With the Euro 2016 soccer finals starting on Friday, Kijowski said: ”We now need to make KOD more attractive than football games”.

According to the TNS pollster, 1.5 million Poles, equivalent to 5 percent of the population, have taken part in at least one KOD-organised event.

Forty percent said they supported the movement, 28 percent were against it and the rest had never heard of it.

What is KOD?

The movement is closely associated with Kijowski, an 47 year-old IT entrepreneur, who created it last November.

It is developing internal structures and will soon let people become official members.

Kijowski also wants to create KOD's own media, a think tank and to host arts and culture events that stimulate political discussion.

But it does not aim to become a political party and its aims go beyond PiS.

”Our main goal is to create civil society in Poland … We want people to talk to each other, but also to listen to each other’s ideas. We want dialogue”, Kijowski said.

He said post-communist Polish society “focused very strongly on personal success” and “stopped caring about politics”. He said that PiS offered its constituency “a sense of community, albeit one built on not so positive values”. But he said that its post-election behaviour shocked others out of apathy.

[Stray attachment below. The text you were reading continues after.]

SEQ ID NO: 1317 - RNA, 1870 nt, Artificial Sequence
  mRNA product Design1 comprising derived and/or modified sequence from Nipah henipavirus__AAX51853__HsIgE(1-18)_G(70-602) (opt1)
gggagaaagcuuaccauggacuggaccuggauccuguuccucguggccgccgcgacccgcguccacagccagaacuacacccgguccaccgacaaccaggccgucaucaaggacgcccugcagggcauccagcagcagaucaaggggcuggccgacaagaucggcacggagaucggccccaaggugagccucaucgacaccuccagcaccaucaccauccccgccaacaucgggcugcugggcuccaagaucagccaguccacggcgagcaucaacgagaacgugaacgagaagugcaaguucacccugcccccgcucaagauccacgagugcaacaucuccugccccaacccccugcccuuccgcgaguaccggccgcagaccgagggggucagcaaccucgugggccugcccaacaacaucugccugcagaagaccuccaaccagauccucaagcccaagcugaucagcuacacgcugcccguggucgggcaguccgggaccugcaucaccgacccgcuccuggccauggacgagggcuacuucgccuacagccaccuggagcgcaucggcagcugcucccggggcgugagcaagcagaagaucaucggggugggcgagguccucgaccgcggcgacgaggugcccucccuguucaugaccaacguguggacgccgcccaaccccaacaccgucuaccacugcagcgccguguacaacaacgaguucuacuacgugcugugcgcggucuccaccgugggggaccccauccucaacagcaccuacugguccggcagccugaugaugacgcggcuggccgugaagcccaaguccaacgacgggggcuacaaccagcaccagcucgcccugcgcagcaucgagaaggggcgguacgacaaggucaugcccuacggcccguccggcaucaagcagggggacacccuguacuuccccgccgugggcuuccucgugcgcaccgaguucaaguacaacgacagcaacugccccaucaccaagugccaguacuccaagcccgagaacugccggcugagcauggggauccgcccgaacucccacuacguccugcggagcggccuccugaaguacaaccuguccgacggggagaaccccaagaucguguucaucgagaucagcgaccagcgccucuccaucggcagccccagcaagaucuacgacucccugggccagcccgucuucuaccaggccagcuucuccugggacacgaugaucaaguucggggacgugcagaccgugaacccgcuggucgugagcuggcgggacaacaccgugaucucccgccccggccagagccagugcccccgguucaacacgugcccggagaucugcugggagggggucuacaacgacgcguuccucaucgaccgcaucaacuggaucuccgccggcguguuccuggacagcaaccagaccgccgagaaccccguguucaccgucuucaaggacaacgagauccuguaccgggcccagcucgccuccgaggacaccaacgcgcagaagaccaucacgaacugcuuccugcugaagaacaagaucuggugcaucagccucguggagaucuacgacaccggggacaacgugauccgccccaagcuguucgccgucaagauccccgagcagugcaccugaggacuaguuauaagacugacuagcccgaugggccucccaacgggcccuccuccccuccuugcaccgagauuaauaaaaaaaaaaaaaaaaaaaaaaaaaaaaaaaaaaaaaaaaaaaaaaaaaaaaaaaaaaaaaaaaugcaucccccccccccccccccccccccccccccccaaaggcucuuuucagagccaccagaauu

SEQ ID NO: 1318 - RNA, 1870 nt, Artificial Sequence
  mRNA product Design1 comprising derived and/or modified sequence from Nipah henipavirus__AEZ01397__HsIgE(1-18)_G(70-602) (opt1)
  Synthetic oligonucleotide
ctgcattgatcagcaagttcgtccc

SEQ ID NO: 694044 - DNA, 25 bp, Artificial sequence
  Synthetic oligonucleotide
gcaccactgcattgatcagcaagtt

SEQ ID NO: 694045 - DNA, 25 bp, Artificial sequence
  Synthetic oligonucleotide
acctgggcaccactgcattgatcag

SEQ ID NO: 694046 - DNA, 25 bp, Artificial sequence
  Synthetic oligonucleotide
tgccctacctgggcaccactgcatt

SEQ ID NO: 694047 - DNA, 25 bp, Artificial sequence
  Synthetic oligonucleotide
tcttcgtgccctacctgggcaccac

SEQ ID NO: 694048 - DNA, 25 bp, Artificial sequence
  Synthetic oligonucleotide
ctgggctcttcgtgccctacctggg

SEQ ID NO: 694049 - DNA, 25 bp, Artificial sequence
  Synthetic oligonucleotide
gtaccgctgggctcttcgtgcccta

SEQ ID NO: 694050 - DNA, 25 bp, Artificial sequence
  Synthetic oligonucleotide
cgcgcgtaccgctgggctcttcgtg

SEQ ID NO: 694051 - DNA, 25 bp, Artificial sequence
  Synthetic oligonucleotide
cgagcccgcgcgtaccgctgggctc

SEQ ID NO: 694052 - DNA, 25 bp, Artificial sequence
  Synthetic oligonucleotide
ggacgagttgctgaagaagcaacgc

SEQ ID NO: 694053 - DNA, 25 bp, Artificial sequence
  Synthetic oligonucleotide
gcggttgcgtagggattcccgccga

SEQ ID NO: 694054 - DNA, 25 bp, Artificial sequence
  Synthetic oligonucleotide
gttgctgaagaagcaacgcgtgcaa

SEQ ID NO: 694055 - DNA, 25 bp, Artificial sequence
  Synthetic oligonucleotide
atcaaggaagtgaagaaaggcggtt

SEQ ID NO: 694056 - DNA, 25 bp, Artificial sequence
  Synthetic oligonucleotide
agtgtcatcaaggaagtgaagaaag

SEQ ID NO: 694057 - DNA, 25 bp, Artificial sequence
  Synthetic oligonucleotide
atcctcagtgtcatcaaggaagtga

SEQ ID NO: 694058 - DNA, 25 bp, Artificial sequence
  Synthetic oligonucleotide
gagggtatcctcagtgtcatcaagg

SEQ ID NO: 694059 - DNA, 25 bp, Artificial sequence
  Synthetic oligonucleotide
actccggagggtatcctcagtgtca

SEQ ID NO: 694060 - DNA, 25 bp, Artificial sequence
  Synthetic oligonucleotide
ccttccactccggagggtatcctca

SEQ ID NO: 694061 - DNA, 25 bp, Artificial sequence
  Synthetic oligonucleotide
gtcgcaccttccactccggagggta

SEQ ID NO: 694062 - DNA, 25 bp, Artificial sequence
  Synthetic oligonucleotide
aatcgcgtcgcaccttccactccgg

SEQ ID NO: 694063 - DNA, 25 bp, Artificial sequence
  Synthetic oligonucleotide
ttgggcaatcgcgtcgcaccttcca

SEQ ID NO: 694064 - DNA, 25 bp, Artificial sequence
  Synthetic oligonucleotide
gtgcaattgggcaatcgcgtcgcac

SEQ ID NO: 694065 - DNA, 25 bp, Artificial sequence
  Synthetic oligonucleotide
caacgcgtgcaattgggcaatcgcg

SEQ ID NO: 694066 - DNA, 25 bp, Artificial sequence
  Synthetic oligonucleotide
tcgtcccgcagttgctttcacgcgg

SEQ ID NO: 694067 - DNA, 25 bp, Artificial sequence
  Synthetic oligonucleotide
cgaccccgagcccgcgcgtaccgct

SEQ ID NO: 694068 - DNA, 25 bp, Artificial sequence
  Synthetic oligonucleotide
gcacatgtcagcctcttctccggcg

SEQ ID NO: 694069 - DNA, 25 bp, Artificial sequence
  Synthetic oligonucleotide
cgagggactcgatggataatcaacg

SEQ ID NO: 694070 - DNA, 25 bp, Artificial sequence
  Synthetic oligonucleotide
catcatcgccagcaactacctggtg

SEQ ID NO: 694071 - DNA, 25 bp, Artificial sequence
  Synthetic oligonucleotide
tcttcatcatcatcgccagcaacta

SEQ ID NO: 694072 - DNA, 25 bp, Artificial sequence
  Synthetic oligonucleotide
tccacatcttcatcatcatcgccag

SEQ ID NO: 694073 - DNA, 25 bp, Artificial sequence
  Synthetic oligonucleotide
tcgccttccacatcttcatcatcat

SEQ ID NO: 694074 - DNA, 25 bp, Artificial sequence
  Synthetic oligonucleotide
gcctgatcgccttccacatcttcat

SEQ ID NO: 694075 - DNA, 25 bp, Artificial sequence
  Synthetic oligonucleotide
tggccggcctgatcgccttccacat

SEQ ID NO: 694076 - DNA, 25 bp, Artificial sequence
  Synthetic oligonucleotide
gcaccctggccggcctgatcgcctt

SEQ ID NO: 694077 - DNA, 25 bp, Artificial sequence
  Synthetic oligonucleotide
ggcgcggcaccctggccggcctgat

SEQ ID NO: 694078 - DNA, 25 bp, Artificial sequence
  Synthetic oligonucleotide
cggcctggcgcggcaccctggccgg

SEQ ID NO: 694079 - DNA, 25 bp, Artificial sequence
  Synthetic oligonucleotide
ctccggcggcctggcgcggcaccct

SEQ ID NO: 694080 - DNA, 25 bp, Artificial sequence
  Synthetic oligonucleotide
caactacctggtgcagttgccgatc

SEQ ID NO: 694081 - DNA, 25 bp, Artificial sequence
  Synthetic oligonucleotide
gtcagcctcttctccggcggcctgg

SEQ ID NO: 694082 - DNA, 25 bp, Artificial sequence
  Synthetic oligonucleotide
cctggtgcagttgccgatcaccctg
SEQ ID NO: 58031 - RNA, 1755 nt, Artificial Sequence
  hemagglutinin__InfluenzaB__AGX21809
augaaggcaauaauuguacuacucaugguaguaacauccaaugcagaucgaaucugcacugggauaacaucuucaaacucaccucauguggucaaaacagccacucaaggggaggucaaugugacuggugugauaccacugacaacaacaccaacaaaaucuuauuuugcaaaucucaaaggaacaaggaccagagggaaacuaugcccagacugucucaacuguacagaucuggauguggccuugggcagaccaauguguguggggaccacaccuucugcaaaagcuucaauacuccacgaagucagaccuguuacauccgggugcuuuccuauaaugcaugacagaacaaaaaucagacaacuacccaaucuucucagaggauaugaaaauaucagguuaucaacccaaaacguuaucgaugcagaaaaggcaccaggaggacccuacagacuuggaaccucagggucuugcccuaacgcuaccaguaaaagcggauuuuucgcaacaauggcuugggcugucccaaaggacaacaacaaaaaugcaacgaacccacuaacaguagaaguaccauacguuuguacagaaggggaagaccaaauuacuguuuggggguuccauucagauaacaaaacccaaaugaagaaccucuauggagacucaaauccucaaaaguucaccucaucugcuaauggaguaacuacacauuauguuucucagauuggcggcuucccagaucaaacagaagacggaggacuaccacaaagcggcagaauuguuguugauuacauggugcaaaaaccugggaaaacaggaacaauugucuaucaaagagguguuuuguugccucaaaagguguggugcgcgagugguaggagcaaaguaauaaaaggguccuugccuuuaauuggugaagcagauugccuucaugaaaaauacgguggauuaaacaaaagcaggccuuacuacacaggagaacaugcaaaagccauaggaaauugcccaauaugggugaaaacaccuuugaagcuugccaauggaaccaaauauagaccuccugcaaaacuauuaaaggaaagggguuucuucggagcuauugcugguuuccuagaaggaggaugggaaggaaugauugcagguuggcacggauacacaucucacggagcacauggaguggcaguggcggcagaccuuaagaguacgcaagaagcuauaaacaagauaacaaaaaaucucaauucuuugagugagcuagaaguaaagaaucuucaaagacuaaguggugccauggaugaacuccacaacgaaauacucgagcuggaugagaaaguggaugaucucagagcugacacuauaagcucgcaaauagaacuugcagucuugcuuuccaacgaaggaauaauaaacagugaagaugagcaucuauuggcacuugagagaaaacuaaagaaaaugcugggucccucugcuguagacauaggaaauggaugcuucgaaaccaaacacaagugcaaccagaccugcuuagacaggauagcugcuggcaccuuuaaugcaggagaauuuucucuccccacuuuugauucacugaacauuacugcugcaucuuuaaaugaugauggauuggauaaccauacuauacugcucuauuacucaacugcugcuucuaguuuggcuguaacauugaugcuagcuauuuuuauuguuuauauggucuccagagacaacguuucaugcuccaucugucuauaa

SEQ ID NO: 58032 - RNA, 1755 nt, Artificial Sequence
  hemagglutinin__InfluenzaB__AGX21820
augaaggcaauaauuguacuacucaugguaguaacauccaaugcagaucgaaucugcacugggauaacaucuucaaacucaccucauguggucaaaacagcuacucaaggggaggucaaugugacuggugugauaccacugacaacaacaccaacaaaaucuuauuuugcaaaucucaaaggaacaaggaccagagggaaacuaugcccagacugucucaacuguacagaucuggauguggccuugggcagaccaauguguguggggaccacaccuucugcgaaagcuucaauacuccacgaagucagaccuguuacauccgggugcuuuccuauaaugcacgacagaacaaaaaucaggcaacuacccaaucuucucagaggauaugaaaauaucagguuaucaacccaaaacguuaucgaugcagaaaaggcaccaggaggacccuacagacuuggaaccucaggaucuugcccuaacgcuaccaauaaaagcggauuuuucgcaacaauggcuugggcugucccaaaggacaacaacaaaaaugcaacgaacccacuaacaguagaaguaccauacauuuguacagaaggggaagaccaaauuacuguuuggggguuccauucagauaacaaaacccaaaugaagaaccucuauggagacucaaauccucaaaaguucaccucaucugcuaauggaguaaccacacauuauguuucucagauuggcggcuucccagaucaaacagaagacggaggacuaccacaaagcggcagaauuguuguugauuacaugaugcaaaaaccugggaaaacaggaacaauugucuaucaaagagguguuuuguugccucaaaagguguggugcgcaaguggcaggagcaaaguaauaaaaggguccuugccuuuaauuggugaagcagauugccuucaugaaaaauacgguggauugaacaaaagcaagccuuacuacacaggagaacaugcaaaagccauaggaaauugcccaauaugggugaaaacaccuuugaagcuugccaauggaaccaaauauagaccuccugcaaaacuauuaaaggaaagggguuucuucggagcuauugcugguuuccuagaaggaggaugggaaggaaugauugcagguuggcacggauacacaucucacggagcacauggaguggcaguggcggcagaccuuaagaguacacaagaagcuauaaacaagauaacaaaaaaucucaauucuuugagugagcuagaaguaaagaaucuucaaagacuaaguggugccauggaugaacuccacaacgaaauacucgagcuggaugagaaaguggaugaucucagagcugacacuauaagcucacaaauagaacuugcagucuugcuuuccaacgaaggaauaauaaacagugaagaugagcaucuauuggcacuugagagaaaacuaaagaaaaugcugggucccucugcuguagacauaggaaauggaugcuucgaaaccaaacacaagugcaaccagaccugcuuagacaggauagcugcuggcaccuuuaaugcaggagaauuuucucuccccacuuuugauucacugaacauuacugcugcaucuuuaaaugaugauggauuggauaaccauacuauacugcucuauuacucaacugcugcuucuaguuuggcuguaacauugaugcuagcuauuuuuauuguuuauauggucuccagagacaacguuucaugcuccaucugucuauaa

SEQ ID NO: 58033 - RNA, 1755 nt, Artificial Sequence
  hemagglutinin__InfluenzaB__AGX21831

KOD’s Kozlowski said: ”The problem is not with PiS, it’s with the people who voted for them. They are uneducated in civic values”.

He said KOD does not want to become a political party because politics is divisive. “We want to unite, while ’partia’, in Latin, means to divide,” he said.

Katarzyna Morton, a Brussels-based KOD coordinator, said the movement is about more than PiS.

“We are not anti-PiS. Our goal is much broader than that. We want to create … a sense of community, a way of being Polish that isn’t based on hate, but kindness”, she told this website.

”KOD is a long-term project”, she said.

Ousting PiS

The movement does want to work with opposition parties to help oust PiS in the next election in 2019.

But some commentators said it could end up having the opposite effect.

Jaroslaw Kuisz, the editor-in-chief of Kultura Liberalna, a centrist media organisation in Poland, told EUobserver that KOD activism “relieves opposition parties from doing their own ground work: finding leaders, forming a programme that mobilises the masses”.

He said “it’s great that KOD exists” and that it has showed that “many Poles won’t put up with authoritarian rule”.

But he said Polish opposition parties are too weak to challenge Kaczynski, who has twice the support of the largest opposition party, the Civic Platform (PO).

“It would take a political party to remove PiS from power. The current opposition wouldn’t be able to do that,” Kuisz said.